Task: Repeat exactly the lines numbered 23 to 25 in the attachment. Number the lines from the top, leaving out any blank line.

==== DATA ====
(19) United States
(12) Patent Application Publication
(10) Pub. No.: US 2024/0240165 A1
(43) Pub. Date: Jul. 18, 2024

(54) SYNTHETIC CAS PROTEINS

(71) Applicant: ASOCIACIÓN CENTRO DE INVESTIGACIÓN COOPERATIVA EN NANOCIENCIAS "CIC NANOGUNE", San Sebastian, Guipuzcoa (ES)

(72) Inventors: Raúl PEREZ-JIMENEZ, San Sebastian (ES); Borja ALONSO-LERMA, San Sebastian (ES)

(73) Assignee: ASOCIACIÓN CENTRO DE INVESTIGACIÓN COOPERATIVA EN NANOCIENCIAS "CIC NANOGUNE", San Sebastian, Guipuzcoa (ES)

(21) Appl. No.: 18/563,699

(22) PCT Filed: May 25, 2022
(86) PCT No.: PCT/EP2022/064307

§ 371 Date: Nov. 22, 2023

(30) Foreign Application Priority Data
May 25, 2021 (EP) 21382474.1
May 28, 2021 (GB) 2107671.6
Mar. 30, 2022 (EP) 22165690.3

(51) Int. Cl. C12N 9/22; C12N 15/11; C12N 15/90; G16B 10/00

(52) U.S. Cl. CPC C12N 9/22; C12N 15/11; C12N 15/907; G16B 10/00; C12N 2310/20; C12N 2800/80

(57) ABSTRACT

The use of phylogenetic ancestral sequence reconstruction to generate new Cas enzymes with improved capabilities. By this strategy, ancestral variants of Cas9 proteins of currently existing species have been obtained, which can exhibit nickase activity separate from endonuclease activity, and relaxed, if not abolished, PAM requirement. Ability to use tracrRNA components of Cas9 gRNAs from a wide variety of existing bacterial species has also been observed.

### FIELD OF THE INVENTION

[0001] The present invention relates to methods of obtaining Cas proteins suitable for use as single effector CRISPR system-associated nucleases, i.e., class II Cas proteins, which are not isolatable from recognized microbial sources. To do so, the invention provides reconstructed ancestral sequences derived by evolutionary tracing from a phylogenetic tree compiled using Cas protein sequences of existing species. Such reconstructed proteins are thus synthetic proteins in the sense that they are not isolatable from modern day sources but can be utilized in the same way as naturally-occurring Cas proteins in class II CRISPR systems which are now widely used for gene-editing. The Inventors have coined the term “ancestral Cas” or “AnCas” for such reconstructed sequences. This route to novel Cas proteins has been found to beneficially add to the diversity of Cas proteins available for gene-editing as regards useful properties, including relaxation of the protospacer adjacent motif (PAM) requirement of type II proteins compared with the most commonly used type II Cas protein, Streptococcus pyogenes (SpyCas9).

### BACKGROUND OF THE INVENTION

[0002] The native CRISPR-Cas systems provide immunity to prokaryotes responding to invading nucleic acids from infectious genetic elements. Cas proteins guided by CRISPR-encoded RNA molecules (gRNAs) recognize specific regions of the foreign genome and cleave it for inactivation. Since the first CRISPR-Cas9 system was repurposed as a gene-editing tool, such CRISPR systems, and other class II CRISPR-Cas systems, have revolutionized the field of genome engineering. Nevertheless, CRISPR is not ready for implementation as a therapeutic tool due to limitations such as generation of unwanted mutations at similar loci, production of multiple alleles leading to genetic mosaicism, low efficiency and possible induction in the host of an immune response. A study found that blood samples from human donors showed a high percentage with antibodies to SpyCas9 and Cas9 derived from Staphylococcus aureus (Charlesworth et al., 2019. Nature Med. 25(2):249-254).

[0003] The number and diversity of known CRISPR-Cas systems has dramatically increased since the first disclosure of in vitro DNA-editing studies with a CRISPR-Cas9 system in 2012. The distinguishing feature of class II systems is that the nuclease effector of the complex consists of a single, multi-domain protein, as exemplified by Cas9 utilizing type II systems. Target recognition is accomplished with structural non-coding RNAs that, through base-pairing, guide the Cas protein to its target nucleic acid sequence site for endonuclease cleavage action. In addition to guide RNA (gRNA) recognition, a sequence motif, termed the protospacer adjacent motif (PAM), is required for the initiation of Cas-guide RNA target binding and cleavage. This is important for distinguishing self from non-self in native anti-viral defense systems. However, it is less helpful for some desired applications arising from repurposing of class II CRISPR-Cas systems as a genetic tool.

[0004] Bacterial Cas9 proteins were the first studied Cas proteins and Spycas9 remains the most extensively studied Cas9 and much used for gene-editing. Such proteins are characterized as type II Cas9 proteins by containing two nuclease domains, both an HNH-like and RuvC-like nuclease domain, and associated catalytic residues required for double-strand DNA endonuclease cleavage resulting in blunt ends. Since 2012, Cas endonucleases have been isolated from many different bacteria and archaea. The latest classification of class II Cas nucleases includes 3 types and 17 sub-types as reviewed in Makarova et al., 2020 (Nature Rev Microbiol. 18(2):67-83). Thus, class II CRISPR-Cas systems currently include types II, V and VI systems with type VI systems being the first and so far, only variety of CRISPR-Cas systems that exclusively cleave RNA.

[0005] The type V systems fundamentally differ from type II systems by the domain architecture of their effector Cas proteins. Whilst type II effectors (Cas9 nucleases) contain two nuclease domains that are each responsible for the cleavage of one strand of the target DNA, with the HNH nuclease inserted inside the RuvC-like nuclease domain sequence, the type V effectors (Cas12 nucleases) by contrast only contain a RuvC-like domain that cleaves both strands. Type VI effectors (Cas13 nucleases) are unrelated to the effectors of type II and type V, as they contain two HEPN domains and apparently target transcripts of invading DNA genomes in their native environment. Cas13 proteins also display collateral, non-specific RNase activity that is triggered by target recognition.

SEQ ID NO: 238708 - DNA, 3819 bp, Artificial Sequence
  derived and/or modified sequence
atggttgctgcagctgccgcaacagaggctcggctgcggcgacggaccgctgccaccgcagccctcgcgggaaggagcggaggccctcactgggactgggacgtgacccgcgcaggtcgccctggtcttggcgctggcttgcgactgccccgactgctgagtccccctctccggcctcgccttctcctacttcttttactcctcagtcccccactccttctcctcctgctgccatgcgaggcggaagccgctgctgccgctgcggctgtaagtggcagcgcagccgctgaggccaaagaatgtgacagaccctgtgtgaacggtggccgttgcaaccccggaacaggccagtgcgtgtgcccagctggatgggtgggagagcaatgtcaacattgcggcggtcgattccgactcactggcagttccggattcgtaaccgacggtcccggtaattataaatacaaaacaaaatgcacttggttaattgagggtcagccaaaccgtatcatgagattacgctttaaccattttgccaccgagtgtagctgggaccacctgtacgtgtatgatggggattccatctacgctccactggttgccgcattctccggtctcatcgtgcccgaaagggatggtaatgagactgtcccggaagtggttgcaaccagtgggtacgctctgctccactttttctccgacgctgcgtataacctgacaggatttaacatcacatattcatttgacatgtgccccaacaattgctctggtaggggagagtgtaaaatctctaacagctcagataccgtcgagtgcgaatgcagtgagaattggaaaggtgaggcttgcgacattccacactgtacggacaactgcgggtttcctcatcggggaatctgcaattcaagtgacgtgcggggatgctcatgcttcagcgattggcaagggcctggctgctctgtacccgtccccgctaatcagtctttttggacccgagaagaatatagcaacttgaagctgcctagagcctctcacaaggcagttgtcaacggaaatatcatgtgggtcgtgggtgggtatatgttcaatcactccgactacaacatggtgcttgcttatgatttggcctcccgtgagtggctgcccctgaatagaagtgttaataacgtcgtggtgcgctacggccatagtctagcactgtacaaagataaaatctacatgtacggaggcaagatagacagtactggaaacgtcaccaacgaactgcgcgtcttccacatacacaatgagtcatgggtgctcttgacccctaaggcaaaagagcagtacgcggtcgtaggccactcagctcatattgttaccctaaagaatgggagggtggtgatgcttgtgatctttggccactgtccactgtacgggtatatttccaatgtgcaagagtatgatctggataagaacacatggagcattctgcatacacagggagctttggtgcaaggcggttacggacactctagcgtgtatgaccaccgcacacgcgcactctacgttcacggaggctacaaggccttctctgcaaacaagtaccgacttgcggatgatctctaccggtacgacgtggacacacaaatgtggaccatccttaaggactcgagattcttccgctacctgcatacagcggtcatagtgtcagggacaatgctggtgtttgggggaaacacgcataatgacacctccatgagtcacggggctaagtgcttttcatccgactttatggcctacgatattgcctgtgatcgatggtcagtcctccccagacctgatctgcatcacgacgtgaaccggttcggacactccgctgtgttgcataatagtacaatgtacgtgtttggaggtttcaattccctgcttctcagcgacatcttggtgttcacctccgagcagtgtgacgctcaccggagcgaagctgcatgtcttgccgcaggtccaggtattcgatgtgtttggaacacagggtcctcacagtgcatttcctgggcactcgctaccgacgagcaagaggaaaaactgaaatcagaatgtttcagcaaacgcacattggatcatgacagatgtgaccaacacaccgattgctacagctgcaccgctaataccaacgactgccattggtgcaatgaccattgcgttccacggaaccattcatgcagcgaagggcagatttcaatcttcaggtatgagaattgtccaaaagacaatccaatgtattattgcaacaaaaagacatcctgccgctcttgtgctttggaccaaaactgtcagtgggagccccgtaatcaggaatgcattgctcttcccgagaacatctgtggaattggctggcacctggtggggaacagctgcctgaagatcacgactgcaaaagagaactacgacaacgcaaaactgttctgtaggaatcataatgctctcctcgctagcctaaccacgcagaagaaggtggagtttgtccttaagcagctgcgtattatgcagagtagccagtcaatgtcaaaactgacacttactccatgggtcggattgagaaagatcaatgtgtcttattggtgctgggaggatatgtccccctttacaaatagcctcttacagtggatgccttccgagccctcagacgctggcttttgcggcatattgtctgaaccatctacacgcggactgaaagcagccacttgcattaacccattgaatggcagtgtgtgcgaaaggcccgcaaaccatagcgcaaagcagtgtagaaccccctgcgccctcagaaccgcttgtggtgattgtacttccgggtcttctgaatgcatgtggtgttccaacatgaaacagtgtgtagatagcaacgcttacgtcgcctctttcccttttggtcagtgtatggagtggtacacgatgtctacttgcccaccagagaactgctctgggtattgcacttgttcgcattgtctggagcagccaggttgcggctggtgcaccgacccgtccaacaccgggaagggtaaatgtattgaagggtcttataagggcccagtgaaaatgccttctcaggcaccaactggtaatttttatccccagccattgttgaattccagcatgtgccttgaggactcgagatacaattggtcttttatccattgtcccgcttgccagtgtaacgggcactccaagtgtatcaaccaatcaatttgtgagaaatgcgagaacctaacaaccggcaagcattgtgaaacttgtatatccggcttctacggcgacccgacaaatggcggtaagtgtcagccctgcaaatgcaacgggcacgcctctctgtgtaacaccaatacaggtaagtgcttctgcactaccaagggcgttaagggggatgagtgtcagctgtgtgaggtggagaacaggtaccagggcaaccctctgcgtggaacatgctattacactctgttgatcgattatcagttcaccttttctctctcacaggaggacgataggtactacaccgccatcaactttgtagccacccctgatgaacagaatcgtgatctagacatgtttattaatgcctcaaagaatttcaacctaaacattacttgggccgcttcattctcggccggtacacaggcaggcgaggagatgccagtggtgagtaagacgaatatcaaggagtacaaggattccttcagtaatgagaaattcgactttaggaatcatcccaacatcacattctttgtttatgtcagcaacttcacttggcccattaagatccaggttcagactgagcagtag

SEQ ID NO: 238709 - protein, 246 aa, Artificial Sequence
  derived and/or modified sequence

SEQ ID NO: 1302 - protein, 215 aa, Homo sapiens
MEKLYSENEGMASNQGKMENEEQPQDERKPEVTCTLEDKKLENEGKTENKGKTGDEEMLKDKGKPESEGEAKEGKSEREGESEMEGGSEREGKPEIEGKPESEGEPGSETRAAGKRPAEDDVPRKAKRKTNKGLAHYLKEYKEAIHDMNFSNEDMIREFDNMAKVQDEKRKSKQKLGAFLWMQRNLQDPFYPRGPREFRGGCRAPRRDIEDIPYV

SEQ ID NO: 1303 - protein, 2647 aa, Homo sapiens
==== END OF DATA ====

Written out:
### BACKGROUND OF THE INVENTION

[0002] The native CRISPR-Cas systems provide immunity to prokaryotes responding to invading nucleic acids from infectious genetic elements. Cas proteins guided by CRISPR-encoded RNA molecules (gRNAs) recognize specific regions of the foreign genome and cleave it for inactivation. Since the first CRISPR-Cas9 system was repurposed as a gene-editing tool, such CRISPR systems, and other class II CRISPR-Cas systems, have revolutionized the field of genome engineering. Nevertheless, CRISPR is not ready for implementation as a therapeutic tool due to limitations such as generation of unwanted mutations at similar loci, production of multiple alleles leading to genetic mosaicism, low efficiency and possible induction in the host of an immune response. A study found that blood samples from human donors showed a high percentage with antibodies to SpyCas9 and Cas9 derived from Staphylococcus aureus (Charlesworth et al., 2019. Nature Med. 25(2):249-254).

[0003] The number and diversity of known CRISPR-Cas systems has dramatically increased since the first disclosure of in vitro DNA-editing studies with a CRISPR-Cas9 system in 2012. The distinguishing feature of class II systems is that the nuclease effector of the complex consists of a single, multi-domain protein, as exemplified by Cas9 utilizing type II systems. Target recognition is accomplished with structural non-coding RNAs that, through base-pairing, guide the Cas protein to its target nucleic acid sequence site for endonuclease cleavage action. In addition to guide RNA (gRNA) recognition, a sequence motif, termed the protospacer adjacent motif (PAM), is required for the initiation of Cas-guide RNA target binding and cleavage. This is important for distinguishing self from non-self in native anti-viral defense systems. However, it is less helpful for some desired applications arising from repurposing of class II CRISPR-Cas systems as a genetic tool.